Strawberries and Other Secrets is a short story anthology published in 1970. Edited and selected by James A. MacNeill and Glen A. Sorestad, the book is separated into five units named for the motifs in the stories they encompass: experiences in conflict, the unknown, laughter, suspense, and human feelings.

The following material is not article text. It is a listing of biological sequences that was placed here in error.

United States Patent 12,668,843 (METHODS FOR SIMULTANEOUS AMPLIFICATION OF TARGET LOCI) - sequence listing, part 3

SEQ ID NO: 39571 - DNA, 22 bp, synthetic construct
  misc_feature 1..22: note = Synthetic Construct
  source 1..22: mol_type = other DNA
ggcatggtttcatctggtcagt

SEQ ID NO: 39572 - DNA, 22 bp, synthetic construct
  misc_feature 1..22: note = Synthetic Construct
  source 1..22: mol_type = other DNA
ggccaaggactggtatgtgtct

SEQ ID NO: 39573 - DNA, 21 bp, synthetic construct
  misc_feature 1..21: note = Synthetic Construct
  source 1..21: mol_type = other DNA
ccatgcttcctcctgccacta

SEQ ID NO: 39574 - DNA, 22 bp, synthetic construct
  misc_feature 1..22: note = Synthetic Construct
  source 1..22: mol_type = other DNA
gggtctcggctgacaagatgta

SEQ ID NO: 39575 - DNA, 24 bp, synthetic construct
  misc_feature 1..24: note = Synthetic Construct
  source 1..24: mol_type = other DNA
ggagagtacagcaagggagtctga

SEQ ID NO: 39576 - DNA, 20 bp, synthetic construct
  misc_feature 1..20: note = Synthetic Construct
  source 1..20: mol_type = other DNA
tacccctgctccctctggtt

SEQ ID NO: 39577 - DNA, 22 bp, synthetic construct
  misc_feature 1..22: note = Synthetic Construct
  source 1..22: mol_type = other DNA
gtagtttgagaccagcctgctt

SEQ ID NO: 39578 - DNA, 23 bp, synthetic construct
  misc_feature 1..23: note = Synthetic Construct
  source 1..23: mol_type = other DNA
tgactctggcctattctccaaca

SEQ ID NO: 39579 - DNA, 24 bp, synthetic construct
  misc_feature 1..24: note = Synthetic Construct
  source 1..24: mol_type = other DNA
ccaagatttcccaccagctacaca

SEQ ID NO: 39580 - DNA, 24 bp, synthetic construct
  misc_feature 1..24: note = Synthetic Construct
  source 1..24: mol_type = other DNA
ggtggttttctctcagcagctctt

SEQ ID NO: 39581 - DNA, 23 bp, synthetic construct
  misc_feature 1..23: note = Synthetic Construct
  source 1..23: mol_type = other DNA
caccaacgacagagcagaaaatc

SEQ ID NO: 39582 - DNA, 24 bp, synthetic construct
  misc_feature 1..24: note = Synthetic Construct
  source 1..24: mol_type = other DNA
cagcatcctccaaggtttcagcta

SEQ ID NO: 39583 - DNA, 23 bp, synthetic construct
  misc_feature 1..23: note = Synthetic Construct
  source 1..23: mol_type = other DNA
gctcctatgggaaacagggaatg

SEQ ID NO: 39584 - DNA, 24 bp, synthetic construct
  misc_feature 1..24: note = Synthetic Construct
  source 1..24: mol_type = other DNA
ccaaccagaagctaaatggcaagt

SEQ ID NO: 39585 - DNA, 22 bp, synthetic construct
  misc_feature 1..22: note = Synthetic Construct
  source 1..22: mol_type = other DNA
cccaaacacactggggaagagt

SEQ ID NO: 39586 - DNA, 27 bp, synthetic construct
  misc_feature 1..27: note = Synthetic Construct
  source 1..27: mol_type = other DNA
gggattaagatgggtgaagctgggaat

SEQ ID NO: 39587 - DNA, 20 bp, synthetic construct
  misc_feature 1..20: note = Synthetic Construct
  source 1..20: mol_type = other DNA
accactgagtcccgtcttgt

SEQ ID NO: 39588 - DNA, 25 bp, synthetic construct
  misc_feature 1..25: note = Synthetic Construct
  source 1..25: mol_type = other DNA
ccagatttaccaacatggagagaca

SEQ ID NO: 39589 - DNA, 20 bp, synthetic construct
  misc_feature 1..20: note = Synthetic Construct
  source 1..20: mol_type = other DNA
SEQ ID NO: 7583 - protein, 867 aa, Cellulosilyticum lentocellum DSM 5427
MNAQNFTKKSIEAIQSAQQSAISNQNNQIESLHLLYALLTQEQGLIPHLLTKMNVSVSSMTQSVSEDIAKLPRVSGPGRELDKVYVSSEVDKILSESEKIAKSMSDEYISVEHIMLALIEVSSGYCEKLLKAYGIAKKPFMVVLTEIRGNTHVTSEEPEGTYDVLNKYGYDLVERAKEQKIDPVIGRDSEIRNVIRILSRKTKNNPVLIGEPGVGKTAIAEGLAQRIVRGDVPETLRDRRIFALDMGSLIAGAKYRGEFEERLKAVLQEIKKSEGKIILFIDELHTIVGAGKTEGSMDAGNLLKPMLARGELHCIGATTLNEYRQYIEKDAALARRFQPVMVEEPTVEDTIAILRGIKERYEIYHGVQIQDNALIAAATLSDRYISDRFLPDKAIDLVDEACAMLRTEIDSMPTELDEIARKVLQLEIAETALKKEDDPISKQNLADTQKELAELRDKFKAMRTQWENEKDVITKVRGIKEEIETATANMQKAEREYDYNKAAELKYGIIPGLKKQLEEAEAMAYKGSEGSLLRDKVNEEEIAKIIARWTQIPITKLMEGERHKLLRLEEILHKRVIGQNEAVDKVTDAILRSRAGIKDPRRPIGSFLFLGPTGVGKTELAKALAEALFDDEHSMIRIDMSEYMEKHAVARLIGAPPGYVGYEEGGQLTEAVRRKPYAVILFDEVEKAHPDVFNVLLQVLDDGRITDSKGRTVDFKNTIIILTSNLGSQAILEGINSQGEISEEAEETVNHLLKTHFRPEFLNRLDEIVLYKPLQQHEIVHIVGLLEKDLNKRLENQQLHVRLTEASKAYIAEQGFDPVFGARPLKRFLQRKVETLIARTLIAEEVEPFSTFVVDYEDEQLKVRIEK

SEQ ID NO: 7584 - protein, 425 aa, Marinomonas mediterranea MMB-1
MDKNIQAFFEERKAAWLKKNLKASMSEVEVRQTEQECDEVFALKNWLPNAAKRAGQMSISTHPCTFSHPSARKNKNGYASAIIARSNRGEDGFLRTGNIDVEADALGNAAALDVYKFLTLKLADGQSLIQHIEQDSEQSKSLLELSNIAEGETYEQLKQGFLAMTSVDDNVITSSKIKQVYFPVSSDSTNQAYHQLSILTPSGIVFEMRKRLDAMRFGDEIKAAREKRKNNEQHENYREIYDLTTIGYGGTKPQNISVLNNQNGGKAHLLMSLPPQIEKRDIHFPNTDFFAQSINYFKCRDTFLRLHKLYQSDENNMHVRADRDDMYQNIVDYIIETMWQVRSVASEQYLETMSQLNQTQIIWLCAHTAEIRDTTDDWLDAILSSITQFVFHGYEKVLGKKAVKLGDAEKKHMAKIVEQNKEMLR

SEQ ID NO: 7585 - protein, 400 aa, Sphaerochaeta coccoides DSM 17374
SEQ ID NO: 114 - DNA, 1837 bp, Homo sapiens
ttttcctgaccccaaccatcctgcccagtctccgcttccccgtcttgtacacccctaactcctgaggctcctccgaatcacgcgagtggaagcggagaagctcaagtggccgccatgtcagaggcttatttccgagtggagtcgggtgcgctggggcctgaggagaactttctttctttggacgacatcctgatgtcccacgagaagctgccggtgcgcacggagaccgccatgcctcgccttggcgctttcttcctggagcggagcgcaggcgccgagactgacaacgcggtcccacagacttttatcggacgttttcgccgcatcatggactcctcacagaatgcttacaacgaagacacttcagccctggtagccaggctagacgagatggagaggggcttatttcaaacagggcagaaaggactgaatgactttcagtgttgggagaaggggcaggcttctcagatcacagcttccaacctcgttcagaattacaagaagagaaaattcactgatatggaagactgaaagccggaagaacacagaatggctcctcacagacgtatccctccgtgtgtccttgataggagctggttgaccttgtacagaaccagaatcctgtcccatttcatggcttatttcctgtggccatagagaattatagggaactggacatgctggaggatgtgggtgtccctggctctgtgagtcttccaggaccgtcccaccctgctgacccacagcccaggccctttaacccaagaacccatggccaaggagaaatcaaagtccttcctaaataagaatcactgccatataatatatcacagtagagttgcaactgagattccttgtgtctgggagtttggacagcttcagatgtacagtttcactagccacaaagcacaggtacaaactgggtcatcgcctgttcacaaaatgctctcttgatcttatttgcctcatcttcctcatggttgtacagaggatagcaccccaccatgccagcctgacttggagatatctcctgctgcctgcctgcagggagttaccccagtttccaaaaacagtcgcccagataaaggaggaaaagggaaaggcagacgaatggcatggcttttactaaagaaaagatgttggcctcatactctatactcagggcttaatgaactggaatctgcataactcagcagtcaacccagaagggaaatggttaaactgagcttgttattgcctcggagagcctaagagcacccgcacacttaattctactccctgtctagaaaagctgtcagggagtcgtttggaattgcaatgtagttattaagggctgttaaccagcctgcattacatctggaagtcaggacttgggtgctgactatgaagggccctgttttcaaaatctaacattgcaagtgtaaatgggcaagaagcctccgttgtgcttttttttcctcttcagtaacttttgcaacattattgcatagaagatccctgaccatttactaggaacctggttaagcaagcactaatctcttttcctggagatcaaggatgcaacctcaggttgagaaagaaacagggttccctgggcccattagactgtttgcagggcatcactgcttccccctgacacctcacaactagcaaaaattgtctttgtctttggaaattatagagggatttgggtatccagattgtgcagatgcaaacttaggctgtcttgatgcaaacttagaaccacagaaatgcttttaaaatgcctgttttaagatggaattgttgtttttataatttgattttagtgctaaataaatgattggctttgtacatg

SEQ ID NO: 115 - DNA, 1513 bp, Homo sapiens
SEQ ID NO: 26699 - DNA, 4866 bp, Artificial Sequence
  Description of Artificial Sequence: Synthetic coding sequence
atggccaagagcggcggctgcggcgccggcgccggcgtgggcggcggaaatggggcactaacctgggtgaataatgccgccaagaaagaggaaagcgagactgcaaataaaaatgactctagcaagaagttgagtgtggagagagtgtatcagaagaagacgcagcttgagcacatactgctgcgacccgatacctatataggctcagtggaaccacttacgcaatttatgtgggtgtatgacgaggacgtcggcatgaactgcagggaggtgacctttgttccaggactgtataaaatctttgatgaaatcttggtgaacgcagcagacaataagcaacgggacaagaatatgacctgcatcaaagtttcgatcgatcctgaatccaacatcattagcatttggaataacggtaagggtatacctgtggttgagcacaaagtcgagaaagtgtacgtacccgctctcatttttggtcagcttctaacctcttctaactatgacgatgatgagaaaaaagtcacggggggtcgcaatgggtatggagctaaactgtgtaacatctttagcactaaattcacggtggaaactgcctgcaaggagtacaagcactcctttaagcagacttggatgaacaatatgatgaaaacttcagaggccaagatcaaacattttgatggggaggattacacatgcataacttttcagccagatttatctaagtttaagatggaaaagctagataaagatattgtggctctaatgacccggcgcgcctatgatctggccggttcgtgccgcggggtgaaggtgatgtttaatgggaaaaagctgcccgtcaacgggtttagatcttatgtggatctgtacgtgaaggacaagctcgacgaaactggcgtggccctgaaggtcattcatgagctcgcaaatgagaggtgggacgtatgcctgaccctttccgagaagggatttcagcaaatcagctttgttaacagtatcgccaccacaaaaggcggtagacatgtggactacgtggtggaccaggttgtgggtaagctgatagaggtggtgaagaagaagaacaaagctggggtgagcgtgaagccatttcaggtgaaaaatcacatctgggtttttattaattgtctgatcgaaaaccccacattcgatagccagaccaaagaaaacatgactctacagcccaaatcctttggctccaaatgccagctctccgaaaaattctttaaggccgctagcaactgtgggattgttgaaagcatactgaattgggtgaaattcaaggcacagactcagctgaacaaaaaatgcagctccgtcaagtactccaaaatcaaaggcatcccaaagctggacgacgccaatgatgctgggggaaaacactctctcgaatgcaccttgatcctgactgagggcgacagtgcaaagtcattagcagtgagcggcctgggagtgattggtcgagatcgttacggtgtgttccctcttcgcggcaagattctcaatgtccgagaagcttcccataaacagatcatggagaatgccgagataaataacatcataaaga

This anthology is well-put together and gives a refreshing overview of several genres and styles in the matter of 207 pages, all while remaining loosely and comfortably connected. The introductions for each unit show this tastefully: for example, the transition between “the unknown” to “laughter” states: “The unexpected is only one of the situations in life that prompt laughter,” which does a nice job of directing the reader to leave the fantasy realm, albeit while he/she looks behind. The title is clever, too. It suggests that the mundane (the strawberries, comparable to reality) and the exciting (the secrets, comparable to fiction) are really one and the same. I think the editors compiled this collection to celebrate the empathic power of stories – how they reflect life – as they help us become “sharers of experience” (introduction). For example, three stories with death as a plot point address it through different lenses: “Mirror of Ice” shows terror and anxiety, “Leiningen Versus the Ants” shows courage, and “Lather and Nothing Else” shows virtue and morality. All three represent the anthology’s goal to share experiences, while adding something unexpected and new.